HP is offline   Reply With Quote
Old 1st Jun 2005, 14:13   #35
Jerkass
Palimpsestarian
eats too much cheese
 
Jerkass's Avatar
 
Join Date: 16 Dec 2003
Location: USA
Posts: 1,289
Default

And I still insist that my lack of enjoyment of this one was not due to any critical character flaw on my part, HP.
__________________
"I learned never to drink anything out of a jar labeled 'w-i-s-k-i.'"
Jerkass is offline   Reply With Quote
Old 1st Jun 2005, 14:26   #36
HP
Senior Palimpsester
suckles at the teat of the Palim-God
 
Join Date: 2 Dec 2004
Posts: 2,929
Default

Ooh, sir - thou art a one. A right royal one, at that! Have I ever suggested it was? Nah! But I am working on the assumption that if I bore you silly enough with such lavish praise for this work, you'll succumb to a second reading just to prove I'm wrong - only to discover the treasures within.

As for not liking a book that everyone else thinks great, proving someone is one chapter short of a novel, look no further than me. Cloud Atlas, which has been lauded to the Palimpcestial skies left me absolutely cold. Clever? - yes. Well-written? - absurdly so. Innovative? - spot bloody on. But enjoyable ? So enjoyable that I couldn't even be bothered to finish it properly, scanning the second half in a race to put the damn thing behind me. So I guess that makes me a chapter, prologue and epilogue short of a novel, eh?

Er - no. On second thoughts don't answer that .....
HP is offline   Reply With Quote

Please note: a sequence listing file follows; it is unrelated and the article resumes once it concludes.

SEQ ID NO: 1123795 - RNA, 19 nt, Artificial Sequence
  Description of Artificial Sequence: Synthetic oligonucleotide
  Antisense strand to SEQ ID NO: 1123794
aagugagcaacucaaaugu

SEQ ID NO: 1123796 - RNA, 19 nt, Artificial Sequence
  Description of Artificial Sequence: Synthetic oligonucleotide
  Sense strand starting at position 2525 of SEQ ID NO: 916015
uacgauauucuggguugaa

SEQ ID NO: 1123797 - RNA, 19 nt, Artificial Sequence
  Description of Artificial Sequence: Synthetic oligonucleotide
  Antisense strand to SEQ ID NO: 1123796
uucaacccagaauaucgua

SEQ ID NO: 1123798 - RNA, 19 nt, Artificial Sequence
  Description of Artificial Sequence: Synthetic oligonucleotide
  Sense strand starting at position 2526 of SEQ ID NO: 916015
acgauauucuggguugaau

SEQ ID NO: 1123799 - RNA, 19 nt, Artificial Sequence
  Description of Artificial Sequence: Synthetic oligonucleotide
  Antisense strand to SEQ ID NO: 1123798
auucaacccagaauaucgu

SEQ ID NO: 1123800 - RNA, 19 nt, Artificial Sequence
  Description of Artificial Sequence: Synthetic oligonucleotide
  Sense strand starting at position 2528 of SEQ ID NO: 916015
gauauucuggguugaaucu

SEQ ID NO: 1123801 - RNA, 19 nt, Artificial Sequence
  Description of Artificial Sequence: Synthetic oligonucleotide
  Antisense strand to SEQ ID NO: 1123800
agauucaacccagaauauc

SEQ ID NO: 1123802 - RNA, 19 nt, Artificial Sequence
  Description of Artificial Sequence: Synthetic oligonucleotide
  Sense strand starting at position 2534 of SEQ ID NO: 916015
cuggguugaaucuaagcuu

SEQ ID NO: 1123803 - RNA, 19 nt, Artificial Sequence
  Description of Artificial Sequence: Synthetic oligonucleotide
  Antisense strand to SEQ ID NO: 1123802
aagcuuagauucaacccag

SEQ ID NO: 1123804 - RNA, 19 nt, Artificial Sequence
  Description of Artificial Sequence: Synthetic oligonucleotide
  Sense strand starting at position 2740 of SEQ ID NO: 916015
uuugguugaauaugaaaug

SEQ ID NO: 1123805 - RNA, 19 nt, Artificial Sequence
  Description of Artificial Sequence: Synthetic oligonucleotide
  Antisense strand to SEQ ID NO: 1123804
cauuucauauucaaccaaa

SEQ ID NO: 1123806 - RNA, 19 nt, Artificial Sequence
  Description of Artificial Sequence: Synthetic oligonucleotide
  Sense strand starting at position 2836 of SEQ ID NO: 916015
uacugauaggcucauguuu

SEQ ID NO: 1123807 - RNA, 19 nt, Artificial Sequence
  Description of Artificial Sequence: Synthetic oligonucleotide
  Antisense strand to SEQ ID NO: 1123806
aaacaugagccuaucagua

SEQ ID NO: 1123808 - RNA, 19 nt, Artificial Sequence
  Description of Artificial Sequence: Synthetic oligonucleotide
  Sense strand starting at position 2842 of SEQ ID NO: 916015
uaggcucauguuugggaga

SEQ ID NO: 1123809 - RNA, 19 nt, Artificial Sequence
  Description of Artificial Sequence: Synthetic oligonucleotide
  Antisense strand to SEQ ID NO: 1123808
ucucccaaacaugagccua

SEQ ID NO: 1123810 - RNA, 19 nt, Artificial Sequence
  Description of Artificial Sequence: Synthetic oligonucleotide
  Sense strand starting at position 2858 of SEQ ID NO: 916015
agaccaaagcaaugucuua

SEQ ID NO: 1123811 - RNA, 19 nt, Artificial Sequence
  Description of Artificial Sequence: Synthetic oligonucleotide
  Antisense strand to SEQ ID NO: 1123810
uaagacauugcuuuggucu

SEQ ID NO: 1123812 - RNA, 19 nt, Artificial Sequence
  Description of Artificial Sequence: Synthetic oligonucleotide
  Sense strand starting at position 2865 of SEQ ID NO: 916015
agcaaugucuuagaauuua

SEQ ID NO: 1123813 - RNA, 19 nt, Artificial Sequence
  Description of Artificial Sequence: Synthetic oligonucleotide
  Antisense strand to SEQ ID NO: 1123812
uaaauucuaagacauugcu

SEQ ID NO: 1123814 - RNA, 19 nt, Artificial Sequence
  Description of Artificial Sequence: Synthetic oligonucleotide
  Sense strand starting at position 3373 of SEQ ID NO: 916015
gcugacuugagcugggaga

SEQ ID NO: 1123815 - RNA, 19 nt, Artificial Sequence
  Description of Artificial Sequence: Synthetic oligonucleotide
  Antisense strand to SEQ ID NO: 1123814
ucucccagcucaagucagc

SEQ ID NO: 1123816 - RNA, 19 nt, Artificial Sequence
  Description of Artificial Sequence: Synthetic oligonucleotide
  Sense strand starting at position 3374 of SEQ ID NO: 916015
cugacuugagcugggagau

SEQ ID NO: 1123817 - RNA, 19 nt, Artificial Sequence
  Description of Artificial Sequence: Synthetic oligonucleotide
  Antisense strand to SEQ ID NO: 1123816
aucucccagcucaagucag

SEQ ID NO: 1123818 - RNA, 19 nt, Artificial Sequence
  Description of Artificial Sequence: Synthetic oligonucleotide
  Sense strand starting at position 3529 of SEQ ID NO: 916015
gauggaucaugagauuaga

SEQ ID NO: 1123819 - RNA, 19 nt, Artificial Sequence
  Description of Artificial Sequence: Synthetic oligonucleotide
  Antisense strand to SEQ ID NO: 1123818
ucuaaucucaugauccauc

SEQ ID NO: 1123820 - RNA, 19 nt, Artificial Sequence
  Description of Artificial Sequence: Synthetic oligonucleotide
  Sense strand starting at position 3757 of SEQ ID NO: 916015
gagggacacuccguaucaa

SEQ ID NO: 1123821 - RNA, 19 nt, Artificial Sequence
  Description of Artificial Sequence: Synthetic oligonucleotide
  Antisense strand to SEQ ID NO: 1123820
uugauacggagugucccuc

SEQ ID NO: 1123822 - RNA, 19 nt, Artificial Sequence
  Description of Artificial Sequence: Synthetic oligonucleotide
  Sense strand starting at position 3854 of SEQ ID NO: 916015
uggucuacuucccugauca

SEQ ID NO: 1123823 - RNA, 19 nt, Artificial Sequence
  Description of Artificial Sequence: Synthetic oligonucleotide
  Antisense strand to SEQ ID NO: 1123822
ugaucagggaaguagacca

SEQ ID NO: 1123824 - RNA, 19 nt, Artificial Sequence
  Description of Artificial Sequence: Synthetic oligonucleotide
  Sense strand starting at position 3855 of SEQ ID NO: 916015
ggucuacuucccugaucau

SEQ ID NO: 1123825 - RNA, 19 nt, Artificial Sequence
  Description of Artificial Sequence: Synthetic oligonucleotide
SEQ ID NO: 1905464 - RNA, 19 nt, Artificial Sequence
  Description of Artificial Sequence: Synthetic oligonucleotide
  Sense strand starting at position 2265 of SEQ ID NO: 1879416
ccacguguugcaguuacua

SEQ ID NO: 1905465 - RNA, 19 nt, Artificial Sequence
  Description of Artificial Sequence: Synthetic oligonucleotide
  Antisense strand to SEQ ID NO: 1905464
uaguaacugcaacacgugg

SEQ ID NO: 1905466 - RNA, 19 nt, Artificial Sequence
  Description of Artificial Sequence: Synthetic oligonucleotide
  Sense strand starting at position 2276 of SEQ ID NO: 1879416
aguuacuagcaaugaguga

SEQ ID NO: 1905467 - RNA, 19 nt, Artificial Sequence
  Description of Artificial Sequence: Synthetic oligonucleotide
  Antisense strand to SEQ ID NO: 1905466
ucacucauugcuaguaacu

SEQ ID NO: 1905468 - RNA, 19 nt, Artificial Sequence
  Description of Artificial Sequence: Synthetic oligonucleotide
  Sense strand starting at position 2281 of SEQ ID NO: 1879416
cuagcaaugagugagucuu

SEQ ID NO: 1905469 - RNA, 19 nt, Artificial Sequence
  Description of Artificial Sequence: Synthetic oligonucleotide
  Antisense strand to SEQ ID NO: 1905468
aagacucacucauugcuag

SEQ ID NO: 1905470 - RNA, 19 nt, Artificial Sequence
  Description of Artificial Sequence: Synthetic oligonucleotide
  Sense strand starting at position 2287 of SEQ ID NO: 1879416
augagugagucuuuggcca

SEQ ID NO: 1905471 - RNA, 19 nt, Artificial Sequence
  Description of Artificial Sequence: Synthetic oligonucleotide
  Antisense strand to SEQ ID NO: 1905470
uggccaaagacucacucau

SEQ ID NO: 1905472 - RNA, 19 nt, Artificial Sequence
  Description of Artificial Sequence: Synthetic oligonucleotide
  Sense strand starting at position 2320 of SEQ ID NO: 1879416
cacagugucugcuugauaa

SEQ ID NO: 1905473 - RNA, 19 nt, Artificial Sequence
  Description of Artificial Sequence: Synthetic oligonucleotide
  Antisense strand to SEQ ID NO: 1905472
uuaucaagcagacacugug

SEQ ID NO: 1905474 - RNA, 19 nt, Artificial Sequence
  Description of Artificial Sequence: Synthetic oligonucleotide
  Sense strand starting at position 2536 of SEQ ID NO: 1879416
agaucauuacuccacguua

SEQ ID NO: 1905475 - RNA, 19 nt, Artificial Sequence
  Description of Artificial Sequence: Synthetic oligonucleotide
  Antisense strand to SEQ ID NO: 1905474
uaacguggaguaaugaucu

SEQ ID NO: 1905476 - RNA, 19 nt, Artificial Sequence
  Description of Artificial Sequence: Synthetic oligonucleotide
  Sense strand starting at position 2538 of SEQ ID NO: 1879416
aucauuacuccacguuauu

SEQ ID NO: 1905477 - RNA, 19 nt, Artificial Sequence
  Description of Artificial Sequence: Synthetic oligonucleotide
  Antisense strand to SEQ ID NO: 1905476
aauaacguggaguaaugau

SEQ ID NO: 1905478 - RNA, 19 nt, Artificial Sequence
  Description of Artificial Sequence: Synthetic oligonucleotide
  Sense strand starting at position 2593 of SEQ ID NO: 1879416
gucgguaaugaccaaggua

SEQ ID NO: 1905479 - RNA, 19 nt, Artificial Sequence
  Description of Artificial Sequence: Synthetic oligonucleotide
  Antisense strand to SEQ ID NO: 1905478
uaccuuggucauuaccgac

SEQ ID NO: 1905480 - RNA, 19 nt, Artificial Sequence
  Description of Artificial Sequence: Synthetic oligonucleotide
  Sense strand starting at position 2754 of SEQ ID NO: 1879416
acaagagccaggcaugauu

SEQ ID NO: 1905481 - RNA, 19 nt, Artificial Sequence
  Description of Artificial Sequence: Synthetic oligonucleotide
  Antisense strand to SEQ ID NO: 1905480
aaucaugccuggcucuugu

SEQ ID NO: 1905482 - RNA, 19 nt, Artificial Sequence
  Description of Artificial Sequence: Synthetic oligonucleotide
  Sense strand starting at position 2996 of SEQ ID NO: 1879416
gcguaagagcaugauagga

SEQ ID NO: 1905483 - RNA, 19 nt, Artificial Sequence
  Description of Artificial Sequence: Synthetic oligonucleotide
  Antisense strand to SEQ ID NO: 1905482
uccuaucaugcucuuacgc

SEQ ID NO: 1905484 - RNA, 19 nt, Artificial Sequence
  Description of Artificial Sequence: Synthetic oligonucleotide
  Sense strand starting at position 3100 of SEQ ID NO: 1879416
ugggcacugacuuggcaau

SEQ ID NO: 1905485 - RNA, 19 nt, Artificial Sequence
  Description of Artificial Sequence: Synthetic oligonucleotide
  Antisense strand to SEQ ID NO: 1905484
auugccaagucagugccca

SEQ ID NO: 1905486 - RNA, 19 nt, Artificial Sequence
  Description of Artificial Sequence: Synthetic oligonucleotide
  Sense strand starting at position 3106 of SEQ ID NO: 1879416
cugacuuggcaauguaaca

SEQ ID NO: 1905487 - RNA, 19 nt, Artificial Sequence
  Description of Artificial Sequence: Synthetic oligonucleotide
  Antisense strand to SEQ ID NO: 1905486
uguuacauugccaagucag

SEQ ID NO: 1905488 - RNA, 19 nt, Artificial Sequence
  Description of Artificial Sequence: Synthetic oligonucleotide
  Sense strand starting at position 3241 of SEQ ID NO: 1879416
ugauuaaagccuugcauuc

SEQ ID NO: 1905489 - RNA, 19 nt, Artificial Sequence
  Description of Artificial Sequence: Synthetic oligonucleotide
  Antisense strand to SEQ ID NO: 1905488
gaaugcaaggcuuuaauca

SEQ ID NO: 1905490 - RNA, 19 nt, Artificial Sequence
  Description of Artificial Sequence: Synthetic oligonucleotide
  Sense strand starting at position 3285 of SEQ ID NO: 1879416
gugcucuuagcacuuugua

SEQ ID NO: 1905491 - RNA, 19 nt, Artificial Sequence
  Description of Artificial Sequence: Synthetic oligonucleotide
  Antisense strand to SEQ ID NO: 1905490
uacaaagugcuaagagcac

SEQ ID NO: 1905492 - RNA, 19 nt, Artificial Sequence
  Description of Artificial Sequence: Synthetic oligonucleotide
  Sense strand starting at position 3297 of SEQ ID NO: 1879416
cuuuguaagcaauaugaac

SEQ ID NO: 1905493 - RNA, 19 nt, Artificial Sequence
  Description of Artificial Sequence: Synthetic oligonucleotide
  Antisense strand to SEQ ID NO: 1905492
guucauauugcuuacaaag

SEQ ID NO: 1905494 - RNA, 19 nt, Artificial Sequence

Old 1st Jun 2005, 14:35   #37
Mike
Junior Palimpsestarian
is a Regular
 
Join Date: 18 Aug 2004
Location: Walsall
Posts: 113
Default

I was going to post this seperately but I suppose it would be best here - as I say without spoilers its practically impossible to adequately discuss Enduring Love. As for White City Blue it must stand on its own merits and it does - as a reader of mostly contempory novels few manage to get the correct "feel" in my nonest opinion.

Enduring Love

This was a strangely disturbing book about obsession, I notice too that it has been recently been made into a film. It would be hard to write too much about it without giving away key parts in the plot. Set in modern times it concerns the aftermath of a tragic ballooning accident, a growing obsessive desire and finally near tragedy. Well written with plenty of red herrings right from the start it leaves you guessing all the way through. The characters are a little annoying and often made me angry but that’s got to be the mark of a well-written plot! It does appear to change up a gear in almost every chapter although at one point it does teeter on the absurd. It's certainly a different take on the stalker story from the usual TV angle and it does get a little disturbing even if it does go right up to the edge of absurdity. I should be interested to see how this converted to the screen whether or not it really captures the grim paranoia that grows throughout the narrative. I liked this a lot and it had plenty of contemporary references to make it fresh and modern - its not perfect by any means and the ending is not what I would have expected but it was certainly entertaining. Short and to the point then - a good read with lots of plot twists that will keep you guessing!.
Mike is offline   Reply With Quote
Old 24th Jul 2005, 12:06   #38
m.
Palimpsestarian
eats too much cheese
 
m.'s Avatar
 
Join Date: 22 Nov 2003
Location: Poland
Posts: 1,300
Default

Even though I haven't read anything by McEwan yet, I really liked this interview in The Morning News.
m. is offline   Reply With Quote
Old 17th Sep 2005, 13:21   #39
Stewart
Once known as Blixa
takes it to extremes
 
Stewart's Avatar
 
Join Date: 26 May 2005
Location: Glasgow
Posts: 6,884
Send a message via MSN to Stewart
Default

Just my thoughts on Saturday:

Ian McEwan’s Saturday is the story of Henry Perowne, a London based neurosurgeon, as he reflects on his life via the events that happen during his day off. Mixing organised chores with random incidents, the novel provides a great character study, one of a man coming to terms with his advancing years, although the book is low on action.